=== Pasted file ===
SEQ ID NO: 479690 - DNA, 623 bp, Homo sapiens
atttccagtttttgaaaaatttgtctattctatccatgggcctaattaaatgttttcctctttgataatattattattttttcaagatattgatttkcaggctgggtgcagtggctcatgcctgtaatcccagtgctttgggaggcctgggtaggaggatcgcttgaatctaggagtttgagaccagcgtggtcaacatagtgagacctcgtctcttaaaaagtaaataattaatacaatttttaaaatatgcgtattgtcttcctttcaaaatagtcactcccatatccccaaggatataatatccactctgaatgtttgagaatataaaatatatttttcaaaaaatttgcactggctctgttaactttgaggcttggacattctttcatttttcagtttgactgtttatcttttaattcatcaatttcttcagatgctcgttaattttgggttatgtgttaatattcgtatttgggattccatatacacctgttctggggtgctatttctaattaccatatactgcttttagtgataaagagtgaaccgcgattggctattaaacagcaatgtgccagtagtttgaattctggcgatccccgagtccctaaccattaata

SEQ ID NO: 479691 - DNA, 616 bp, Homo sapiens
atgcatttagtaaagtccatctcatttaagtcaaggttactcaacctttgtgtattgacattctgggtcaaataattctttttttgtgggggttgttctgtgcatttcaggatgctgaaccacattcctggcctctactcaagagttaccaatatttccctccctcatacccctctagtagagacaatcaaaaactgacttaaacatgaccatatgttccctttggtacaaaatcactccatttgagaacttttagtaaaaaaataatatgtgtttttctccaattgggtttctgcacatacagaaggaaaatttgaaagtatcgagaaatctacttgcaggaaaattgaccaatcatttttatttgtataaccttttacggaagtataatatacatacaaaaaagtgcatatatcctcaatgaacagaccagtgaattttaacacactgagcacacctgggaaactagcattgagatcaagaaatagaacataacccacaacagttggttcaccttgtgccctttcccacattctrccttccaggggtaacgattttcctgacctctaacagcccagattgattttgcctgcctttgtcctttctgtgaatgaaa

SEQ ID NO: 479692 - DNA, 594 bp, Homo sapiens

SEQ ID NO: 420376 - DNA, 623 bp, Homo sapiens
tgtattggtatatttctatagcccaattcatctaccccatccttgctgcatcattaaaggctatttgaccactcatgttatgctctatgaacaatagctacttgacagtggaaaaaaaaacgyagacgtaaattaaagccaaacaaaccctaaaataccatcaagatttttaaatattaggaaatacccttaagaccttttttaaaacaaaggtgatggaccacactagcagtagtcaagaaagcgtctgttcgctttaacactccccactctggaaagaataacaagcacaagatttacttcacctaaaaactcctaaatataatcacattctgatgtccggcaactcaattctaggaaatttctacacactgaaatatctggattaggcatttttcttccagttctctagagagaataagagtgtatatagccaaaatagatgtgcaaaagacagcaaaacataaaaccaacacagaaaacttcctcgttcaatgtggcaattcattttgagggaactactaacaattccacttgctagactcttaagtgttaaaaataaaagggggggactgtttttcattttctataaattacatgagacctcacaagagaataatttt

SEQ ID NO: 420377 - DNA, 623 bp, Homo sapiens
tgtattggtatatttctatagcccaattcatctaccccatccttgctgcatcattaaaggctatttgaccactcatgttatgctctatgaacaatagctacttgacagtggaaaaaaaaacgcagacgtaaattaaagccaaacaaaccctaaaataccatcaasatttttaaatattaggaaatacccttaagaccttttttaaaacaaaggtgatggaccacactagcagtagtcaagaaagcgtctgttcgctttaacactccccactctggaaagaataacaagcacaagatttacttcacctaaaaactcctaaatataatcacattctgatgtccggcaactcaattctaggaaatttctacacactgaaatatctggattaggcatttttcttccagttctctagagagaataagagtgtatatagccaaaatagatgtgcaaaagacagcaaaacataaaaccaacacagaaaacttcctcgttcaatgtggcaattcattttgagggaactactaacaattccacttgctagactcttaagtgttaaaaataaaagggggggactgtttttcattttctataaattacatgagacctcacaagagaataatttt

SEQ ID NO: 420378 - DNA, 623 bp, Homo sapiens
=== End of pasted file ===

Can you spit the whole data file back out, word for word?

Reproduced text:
SEQ ID NO: 479690 - DNA, 623 bp, Homo sapiens
atttccagtttttgaaaaatttgtctattctatccatgggcctaattaaatgttttcctctttgataatattattattttttcaagatattgatttkcaggctgggtgcagtggctcatgcctgtaatcccagtgctttgggaggcctgggtaggaggatcgcttgaatctaggagtttgagaccagcgtggtcaacatagtgagacctcgtctcttaaaaagtaaataattaatacaatttttaaaatatgcgtattgtcttcctttcaaaatagtcactcccatatccccaaggatataatatccactctgaatgtttgagaatataaaatatatttttcaaaaaatttgcactggctctgttaactttgaggcttggacattctttcatttttcagtttgactgtttatcttttaattcatcaatttcttcagatgctcgttaattttgggttatgtgttaatattcgtatttgggattccatatacacctgttctggggtgctatttctaattaccatatactgcttttagtgataaagagtgaaccgcgattggctattaaacagcaatgtgccagtagtttgaattctggcgatccccgagtccctaaccattaata

SEQ ID NO: 479691 - DNA, 616 bp, Homo sapiens
atgcatttagtaaagtccatctcatttaagtcaaggttactcaacctttgtgtattgacattctgggtcaaataattctttttttgtgggggttgttctgtgcatttcaggatgctgaaccacattcctggcctctactcaagagttaccaatatttccctccctcatacccctctagtagagacaatcaaaaactgacttaaacatgaccatatgttccctttggtacaaaatcactccatttgagaacttttagtaaaaaaataatatgtgtttttctccaattgggtttctgcacatacagaaggaaaatttgaaagtatcgagaaatctacttgcaggaaaattgaccaatcatttttatttgtataaccttttacggaagtataatatacatacaaaaaagtgcatatatcctcaatgaacagaccagtgaattttaacacactgagcacacctgggaaactagcattgagatcaagaaatagaacataacccacaacagttggttcaccttgtgccctttcccacattctrccttccaggggtaacgattttcctgacctctaacagcccagattgattttgcctgcctttgtcctttctgtgaatgaaa

SEQ ID NO: 479692 - DNA, 594 bp, Homo sapiens

SEQ ID NO: 420376 - DNA, 623 bp, Homo sapiens
tgtattggtatatttctatagcccaattcatctaccccatccttgctgcatcattaaaggctatttgaccactcatgttatgctctatgaacaatagctacttgacagtggaaaaaaaaacgyagacgtaaattaaagccaaacaaaccctaaaataccatcaagatttttaaatattaggaaatacccttaagaccttttttaaaacaaaggtgatggaccacactagcagtagtcaagaaagcgtctgttcgctttaacactccccactctggaaagaataacaagcacaagatttacttcacctaaaaactcctaaatataatcacattctgatgtccggcaactcaattctaggaaatttctacacactgaaatatctggattaggcatttttcttccagttctctagagagaataagagtgtatatagccaaaatagatgtgcaaaagacagcaaaacataaaaccaacacagaaaacttcctcgttcaatgtggcaattcattttgagggaactactaacaattccacttgctagactcttaagtgttaaaaataaaagggggggactgtttttcattttctataaattacatgagacctcacaagagaataatttt

SEQ ID NO: 420377 - DNA, 623 bp, Homo sapiens
tgtattggtatatttctatagcccaattcatctaccccatccttgctgcatcattaaaggctatttgaccactcatgttatgctctatgaacaatagctacttgacagtggaaaaaaaaacgcagacgtaaattaaagccaaacaaaccctaaaataccatcaasatttttaaatattaggaaatacccttaagaccttttttaaaacaaaggtgatggaccacactagcagtagtcaagaaagcgtctgttcgctttaacactccccactctggaaagaataacaagcacaagatttacttcacctaaaaactcctaaatataatcacattctgatgtccggcaactcaattctaggaaatttctacacactgaaatatctggattaggcatttttcttccagttctctagagagaataagagtgtatatagccaaaatagatgtgcaaaagacagcaaaacataaaaccaacacagaaaacttcctcgttcaatgtggcaattcattttgagggaactactaacaattccacttgctagactcttaagtgttaaaaataaaagggggggactgtttttcattttctataaattacatgagacctcacaagagaataatttt

SEQ ID NO: 420378 - DNA, 623 bp, Homo sapiens